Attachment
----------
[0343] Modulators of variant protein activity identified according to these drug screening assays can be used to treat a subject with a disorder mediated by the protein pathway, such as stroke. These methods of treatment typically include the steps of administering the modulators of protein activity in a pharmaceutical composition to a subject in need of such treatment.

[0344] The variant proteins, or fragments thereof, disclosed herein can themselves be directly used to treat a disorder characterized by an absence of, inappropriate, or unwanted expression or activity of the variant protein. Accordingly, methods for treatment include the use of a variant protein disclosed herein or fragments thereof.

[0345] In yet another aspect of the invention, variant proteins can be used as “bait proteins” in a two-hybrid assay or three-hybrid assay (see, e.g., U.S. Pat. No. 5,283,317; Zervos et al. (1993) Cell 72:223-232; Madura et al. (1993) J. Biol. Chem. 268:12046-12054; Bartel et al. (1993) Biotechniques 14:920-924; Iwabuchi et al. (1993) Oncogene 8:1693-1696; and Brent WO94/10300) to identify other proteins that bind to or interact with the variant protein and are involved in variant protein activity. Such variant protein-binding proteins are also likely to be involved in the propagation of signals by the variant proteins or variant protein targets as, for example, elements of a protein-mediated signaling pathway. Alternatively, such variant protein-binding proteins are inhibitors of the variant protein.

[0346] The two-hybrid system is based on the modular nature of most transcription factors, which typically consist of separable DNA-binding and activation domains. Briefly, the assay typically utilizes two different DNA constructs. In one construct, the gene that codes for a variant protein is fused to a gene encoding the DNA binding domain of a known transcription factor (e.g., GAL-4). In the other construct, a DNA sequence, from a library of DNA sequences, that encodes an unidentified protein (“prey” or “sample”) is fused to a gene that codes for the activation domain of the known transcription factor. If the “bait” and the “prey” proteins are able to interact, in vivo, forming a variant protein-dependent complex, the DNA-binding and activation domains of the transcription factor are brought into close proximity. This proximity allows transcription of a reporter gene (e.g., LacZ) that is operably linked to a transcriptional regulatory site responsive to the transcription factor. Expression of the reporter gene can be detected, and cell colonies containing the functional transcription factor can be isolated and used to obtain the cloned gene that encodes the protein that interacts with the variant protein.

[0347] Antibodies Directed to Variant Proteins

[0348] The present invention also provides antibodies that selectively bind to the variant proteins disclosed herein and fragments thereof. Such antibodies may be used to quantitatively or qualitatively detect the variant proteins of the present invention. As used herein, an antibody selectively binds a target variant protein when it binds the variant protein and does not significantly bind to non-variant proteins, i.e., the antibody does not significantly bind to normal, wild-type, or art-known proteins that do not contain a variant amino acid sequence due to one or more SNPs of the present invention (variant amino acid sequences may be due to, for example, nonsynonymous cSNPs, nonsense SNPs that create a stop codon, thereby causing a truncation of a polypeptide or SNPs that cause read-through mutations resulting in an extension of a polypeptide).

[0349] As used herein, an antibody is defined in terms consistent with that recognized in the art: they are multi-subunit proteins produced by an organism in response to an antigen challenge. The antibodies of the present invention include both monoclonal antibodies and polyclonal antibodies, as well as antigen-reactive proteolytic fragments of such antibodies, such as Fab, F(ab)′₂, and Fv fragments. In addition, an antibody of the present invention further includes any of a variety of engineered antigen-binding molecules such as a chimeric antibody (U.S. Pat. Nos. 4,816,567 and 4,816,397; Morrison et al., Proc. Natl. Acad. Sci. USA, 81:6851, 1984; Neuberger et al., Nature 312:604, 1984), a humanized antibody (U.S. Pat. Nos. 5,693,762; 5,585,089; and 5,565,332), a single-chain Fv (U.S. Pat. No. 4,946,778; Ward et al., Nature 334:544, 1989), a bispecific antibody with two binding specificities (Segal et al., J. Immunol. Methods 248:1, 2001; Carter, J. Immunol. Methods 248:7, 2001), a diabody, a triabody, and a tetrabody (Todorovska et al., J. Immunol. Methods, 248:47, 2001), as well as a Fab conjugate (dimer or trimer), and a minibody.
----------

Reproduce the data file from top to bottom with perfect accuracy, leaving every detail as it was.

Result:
[0343] Modulators of variant protein activity identified according to these drug screening assays can be used to treat a subject with a disorder mediated by the protein pathway, such as stroke. These methods of treatment typically include the steps of administering the modulators of protein activity in a pharmaceutical composition to a subject in need of such treatment.

[0344] The variant proteins, or fragments thereof, disclosed herein can themselves be directly used to treat a disorder characterized by an absence of, inappropriate, or unwanted expression or activity of the variant protein. Accordingly, methods for treatment include the use of a variant protein disclosed herein or fragments thereof.

[0345] In yet another aspect of the invention, variant proteins can be used as “bait proteins” in a two-hybrid assay or three-hybrid assay (see, e.g., U.S. Pat. No. 5,283,317; Zervos et al. (1993) Cell 72:223-232; Madura et al. (1993) J. Biol. Chem. 268:12046-12054; Bartel et al. (1993) Biotechniques 14:920-924; Iwabuchi et al. (1993) Oncogene 8:1693-1696; and Brent WO94/10300) to identify other proteins that bind to or interact with the variant protein and are involved in variant protein activity. Such variant protein-binding proteins are also likely to be involved in the propagation of signals by the variant proteins or variant protein targets as, for example, elements of a protein-mediated signaling pathway. Alternatively, such variant protein-binding proteins are inhibitors of the variant protein.

[0346] The two-hybrid system is based on the modular nature of most transcription factors, which typically consist of separable DNA-binding and activation domains. Briefly, the assay typically utilizes two different DNA constructs. In one construct, the gene that codes for a variant protein is fused to a gene encoding the DNA binding domain of a known transcription factor (e.g., GAL-4). In the other construct, a DNA sequence, from a library of DNA sequences, that encodes an unidentified protein (“prey” or “sample”) is fused to a gene that codes for the activation domain of the known transcription factor. If the “bait” and the “prey” proteins are able to interact, in vivo, forming a variant protein-dependent complex, the DNA-binding and activation domains of the transcription factor are brought into close proximity. This proximity allows transcription of a reporter gene (e.g., LacZ) that is operably linked to a transcriptional regulatory site responsive to the transcription factor. Expression of the reporter gene can be detected, and cell colonies containing the functional transcription factor can be isolated and used to obtain the cloned gene that encodes the protein that interacts with the variant protein.

[0347] Antibodies Directed to Variant Proteins

[0348] The present invention also provides antibodies that selectively bind to the variant proteins disclosed herein and fragments thereof. Such antibodies may be used to quantitatively or qualitatively detect the variant proteins of the present invention. As used herein, an antibody selectively binds a target variant protein when it binds the variant protein and does not significantly bind to non-variant proteins, i.e., the antibody does not significantly bind to normal, wild-type, or art-known proteins that do not contain a variant amino acid sequence due to one or more SNPs of the present invention (variant amino acid sequences may be due to, for example, nonsynonymous cSNPs, nonsense SNPs that create a stop codon, thereby causing a truncation of a polypeptide or SNPs that cause read-through mutations resulting in an extension of a polypeptide).

[0349] As used herein, an antibody is defined in terms consistent with that recognized in the art: they are multi-subunit proteins produced by an organism in response to an antigen challenge. The antibodies of the present invention include both monoclonal antibodies and polyclonal antibodies, as well as antigen-reactive proteolytic fragments of such antibodies, such as Fab, F(ab)′₂, and Fv fragments. In addition, an antibody of the present invention further includes any of a variety of engineered antigen-binding molecules such as a chimeric antibody (U.S. Pat. Nos. 4,816,567 and 4,816,397; Morrison et al., Proc. Natl. Acad. Sci. USA, 81:6851, 1984; Neuberger et al., Nature 312:604, 1984), a humanized antibody (U.S. Pat. Nos. 5,693,762; 5,585,089; and 5,565,332), a single-chain Fv (U.S. Pat. No. 4,946,778; Ward et al., Nature 334:544, 1989), a bispecific antibody with two binding specificities (Segal et al., J. Immunol. Methods 248:1, 2001; Carter, J. Immunol. Methods 248:7, 2001), a diabody, a triabody, and a tetrabody (Todorovska et al., J. Immunol. Methods, 248:47, 2001), as well as a Fab conjugate (dimer or trimer), and a minibody.